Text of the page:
As a design medium, collage has significant conceptual implications. It compares with photomontage but generally works in plan. The word 'collage' comes from the verb 'to glue' and is associated with the asssmbly of different types of material (newsprint, fabrics, photographs etc) by Braque and Picasso.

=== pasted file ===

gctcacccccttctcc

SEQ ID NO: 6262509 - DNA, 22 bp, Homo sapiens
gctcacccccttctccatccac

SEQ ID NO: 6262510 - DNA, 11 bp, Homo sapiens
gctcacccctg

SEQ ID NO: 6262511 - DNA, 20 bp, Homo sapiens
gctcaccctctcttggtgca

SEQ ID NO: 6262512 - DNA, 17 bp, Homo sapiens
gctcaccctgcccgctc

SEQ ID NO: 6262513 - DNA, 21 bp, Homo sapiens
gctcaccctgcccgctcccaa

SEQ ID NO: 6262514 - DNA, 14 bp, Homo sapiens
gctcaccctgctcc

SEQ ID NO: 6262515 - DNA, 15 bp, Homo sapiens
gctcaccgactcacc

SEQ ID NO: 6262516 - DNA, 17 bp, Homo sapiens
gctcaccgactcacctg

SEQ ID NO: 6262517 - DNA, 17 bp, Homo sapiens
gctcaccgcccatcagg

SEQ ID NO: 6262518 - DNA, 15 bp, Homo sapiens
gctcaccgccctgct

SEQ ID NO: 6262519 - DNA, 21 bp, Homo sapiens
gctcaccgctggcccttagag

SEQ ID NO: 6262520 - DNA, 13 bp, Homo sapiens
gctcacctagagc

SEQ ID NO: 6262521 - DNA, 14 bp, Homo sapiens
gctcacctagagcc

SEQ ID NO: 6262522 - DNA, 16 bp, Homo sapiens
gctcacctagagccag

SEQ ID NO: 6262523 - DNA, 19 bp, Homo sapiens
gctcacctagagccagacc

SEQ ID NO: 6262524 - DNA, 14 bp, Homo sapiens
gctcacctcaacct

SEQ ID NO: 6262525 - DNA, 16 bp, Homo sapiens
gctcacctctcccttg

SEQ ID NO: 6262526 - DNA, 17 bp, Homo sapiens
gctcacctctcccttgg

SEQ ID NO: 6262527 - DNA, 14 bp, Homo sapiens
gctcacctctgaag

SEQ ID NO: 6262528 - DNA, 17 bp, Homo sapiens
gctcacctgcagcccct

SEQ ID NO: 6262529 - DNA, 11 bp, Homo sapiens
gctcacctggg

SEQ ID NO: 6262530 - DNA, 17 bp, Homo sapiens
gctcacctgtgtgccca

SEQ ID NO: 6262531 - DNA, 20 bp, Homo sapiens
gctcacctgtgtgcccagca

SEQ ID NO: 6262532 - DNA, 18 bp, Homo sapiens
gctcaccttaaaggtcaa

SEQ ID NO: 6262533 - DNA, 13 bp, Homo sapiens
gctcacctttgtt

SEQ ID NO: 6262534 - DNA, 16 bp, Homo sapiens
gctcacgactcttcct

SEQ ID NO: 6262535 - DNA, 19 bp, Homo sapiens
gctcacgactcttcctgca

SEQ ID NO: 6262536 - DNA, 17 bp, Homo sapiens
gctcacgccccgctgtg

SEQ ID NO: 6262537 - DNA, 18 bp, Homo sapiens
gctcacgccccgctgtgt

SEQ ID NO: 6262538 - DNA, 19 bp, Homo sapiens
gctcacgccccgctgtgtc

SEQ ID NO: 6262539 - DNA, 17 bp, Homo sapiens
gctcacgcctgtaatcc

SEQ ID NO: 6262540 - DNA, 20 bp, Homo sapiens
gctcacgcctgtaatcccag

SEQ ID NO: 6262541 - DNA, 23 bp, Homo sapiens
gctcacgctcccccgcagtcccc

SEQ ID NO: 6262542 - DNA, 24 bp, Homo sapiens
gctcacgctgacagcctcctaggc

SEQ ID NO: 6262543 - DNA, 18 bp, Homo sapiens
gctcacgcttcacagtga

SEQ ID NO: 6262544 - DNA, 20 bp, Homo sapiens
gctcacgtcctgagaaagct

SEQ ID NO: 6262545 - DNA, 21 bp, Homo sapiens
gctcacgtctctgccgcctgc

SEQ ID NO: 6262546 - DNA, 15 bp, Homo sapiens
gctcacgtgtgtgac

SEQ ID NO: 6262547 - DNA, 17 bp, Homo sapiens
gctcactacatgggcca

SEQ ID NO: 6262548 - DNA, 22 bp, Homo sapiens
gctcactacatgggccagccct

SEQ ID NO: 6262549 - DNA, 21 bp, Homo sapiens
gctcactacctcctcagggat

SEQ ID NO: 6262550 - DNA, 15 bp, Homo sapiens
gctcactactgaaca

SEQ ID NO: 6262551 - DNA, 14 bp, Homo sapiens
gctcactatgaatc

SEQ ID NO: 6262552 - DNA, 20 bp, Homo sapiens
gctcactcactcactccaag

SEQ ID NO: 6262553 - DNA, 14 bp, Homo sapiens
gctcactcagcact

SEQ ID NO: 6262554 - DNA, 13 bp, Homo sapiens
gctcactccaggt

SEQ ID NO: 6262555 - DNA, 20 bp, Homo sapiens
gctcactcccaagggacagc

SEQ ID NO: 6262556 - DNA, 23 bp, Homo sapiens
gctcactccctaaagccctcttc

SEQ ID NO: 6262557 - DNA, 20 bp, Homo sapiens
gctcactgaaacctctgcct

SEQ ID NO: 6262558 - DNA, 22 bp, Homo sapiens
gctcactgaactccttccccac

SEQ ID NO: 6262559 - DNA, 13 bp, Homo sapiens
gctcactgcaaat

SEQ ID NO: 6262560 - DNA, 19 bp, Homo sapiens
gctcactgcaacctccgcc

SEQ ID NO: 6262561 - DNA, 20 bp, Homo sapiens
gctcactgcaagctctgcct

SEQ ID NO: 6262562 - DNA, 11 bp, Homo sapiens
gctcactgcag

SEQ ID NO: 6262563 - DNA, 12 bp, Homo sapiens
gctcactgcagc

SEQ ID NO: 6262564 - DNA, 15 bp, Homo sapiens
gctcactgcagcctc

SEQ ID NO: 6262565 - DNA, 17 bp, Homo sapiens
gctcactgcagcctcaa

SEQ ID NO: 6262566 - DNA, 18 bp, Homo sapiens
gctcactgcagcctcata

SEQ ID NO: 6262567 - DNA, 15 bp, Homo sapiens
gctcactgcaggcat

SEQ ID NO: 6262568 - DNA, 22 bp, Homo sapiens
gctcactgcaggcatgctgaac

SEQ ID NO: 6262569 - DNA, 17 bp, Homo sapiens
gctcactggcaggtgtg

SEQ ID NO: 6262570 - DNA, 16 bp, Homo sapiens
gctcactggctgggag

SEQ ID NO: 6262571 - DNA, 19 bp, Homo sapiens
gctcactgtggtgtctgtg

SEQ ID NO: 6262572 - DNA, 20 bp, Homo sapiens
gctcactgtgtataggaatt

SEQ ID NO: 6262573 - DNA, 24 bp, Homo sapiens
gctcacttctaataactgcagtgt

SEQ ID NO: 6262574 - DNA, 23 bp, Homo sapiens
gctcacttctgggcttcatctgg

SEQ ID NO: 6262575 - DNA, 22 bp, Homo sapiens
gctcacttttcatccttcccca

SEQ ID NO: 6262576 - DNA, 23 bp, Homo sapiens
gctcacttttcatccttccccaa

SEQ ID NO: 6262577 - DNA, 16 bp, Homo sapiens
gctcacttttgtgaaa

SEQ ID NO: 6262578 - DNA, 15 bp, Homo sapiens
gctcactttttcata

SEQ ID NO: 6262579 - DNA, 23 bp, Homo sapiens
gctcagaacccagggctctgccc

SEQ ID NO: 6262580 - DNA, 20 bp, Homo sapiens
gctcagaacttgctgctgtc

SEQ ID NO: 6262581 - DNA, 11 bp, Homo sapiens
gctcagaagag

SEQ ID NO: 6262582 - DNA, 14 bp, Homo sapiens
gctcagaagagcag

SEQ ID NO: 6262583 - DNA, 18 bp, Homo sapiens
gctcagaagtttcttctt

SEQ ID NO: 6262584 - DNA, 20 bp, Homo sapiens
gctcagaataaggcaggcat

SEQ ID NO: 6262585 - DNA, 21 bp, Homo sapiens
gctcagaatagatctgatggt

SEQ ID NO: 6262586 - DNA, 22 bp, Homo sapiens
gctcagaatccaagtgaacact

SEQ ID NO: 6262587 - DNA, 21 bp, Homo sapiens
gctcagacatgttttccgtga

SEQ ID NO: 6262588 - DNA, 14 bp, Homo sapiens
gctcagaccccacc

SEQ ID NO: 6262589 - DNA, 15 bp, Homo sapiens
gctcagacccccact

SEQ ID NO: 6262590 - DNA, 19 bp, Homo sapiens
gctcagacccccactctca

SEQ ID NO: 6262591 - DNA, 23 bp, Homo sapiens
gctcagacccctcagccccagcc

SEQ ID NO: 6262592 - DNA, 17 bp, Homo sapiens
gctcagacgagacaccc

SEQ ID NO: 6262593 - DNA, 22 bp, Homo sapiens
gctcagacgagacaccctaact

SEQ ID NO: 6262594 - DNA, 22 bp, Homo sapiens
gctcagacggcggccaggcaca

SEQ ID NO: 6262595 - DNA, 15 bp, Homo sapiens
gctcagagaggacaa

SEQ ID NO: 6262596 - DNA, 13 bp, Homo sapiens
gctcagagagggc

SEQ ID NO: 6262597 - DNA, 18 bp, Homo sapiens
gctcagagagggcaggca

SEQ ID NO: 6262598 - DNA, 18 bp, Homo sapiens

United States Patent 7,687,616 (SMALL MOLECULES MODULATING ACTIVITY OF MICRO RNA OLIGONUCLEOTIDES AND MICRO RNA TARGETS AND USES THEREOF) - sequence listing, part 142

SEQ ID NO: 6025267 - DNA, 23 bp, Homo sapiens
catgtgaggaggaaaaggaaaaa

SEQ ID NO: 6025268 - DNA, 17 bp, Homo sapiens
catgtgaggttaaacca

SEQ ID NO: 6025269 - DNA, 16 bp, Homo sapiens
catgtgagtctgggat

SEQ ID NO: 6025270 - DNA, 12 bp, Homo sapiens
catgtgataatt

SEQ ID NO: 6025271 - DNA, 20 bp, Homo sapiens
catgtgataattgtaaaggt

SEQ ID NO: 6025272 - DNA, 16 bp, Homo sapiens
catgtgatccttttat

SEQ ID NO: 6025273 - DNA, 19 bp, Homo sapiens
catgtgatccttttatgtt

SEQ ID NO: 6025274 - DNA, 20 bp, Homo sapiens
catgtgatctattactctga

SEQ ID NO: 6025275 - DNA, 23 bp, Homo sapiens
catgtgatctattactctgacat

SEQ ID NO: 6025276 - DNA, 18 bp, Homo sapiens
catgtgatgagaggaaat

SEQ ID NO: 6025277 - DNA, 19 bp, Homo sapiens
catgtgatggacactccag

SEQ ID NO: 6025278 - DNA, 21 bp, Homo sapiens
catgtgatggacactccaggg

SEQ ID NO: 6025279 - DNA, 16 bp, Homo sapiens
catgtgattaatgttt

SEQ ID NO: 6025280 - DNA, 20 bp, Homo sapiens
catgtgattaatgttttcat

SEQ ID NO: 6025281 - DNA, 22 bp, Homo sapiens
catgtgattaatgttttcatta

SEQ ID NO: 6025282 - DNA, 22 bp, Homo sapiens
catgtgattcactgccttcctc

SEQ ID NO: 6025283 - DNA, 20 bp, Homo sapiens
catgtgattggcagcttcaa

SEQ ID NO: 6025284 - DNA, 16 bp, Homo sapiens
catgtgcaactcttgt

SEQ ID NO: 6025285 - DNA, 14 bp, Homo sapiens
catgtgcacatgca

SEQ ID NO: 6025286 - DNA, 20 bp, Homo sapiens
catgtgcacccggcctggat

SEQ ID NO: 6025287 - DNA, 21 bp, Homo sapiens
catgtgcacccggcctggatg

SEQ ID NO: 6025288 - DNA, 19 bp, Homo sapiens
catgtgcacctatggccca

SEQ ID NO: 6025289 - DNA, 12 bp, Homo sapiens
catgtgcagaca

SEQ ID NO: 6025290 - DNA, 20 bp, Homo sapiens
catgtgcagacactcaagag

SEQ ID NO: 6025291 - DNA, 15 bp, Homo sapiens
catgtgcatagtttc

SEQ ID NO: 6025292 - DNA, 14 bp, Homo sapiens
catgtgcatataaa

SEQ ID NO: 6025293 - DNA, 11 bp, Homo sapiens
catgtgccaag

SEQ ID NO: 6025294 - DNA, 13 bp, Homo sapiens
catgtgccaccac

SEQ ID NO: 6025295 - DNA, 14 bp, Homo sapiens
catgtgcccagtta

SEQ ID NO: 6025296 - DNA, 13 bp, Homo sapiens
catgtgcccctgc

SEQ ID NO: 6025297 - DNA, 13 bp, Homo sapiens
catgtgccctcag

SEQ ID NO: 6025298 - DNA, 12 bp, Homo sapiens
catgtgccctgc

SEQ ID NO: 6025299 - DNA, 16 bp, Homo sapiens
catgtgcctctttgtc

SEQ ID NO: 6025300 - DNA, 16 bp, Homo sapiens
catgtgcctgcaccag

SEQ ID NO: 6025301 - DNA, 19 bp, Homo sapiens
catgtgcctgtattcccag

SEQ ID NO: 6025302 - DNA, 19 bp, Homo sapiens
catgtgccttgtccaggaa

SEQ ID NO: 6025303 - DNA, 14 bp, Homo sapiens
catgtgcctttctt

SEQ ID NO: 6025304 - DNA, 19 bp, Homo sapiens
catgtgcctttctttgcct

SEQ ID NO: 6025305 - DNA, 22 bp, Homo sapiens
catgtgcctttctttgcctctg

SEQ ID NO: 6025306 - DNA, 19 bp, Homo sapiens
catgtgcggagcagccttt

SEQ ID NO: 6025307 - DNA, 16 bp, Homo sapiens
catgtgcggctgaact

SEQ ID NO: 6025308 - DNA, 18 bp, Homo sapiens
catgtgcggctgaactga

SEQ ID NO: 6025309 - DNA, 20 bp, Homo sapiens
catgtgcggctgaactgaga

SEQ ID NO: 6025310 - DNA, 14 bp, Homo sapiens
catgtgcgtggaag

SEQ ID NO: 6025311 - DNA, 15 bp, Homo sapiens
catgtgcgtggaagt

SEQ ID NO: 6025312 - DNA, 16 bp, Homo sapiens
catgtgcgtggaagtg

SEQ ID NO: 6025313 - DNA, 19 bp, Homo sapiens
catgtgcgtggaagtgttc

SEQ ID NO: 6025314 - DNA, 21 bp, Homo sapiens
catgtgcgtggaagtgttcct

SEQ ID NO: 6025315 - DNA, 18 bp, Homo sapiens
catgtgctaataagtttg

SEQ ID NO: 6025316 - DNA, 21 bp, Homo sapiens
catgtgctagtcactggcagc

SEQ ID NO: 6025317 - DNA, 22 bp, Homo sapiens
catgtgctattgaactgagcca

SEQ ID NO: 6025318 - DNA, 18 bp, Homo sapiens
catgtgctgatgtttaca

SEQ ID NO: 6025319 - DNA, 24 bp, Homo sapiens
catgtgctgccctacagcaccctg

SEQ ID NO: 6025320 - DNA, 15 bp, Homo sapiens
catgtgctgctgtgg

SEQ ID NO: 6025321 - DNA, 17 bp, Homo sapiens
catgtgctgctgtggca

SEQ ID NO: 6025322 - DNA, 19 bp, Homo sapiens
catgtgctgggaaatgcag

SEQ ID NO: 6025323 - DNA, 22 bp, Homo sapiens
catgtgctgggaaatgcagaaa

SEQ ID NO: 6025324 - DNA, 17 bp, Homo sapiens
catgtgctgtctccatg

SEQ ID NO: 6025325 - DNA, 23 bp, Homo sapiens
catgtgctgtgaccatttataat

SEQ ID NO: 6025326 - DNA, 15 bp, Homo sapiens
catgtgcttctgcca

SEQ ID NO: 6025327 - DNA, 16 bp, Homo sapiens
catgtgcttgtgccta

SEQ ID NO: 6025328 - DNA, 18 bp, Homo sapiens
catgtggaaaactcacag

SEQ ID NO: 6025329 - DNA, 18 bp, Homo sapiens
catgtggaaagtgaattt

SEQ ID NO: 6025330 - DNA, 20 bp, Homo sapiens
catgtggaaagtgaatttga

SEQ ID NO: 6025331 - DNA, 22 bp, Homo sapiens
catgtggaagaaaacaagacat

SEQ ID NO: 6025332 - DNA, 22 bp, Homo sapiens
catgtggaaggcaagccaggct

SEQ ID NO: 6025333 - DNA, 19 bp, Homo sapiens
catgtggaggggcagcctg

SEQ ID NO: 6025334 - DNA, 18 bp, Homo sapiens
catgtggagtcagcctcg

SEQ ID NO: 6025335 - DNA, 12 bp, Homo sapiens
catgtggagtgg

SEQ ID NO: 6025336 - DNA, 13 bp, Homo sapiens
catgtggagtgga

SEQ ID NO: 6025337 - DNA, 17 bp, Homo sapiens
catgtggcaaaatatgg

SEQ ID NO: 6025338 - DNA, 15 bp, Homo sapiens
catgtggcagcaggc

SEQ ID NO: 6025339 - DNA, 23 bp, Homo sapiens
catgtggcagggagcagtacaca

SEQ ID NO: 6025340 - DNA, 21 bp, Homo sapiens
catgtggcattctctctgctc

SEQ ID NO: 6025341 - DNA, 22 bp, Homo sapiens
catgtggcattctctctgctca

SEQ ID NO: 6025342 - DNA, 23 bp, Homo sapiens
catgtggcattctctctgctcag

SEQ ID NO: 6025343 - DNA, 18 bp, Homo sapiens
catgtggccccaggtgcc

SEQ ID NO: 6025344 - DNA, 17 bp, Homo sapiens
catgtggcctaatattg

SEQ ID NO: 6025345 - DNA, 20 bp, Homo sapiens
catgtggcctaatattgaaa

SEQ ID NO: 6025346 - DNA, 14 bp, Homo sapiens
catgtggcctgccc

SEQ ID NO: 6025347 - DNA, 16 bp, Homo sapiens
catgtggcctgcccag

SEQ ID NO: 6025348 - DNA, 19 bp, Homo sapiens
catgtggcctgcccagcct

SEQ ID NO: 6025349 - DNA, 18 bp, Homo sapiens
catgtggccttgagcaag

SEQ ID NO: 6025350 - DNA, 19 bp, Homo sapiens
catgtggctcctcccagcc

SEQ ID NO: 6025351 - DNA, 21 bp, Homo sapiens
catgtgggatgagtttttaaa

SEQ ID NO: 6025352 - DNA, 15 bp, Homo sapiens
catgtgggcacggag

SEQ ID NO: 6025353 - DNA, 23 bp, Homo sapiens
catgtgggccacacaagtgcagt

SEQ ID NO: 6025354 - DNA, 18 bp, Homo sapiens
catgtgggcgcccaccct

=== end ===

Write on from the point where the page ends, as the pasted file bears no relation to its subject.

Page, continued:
The placing of patch upon patch implies a build-up of layers. They can be chronological, biological, territorial, functional or something else. Natural landscape often has a collage aspect: water meets land; mountain meets plain; forest meets savannah; oasis meets desert. Town maps have some of these conjugations and others that relate to the functional patterns of human settlements: nineteenth century housing meets twentieth century housing; industry meets housing; housing meets school. As land has always developed in this way, there is much to be said for a design approach that employs collage instead of pen-drawing. Colin Rowe argued along these lines in Collage City (Rowe, 1978). The book has inspiring illustrations but the text is impenetrable.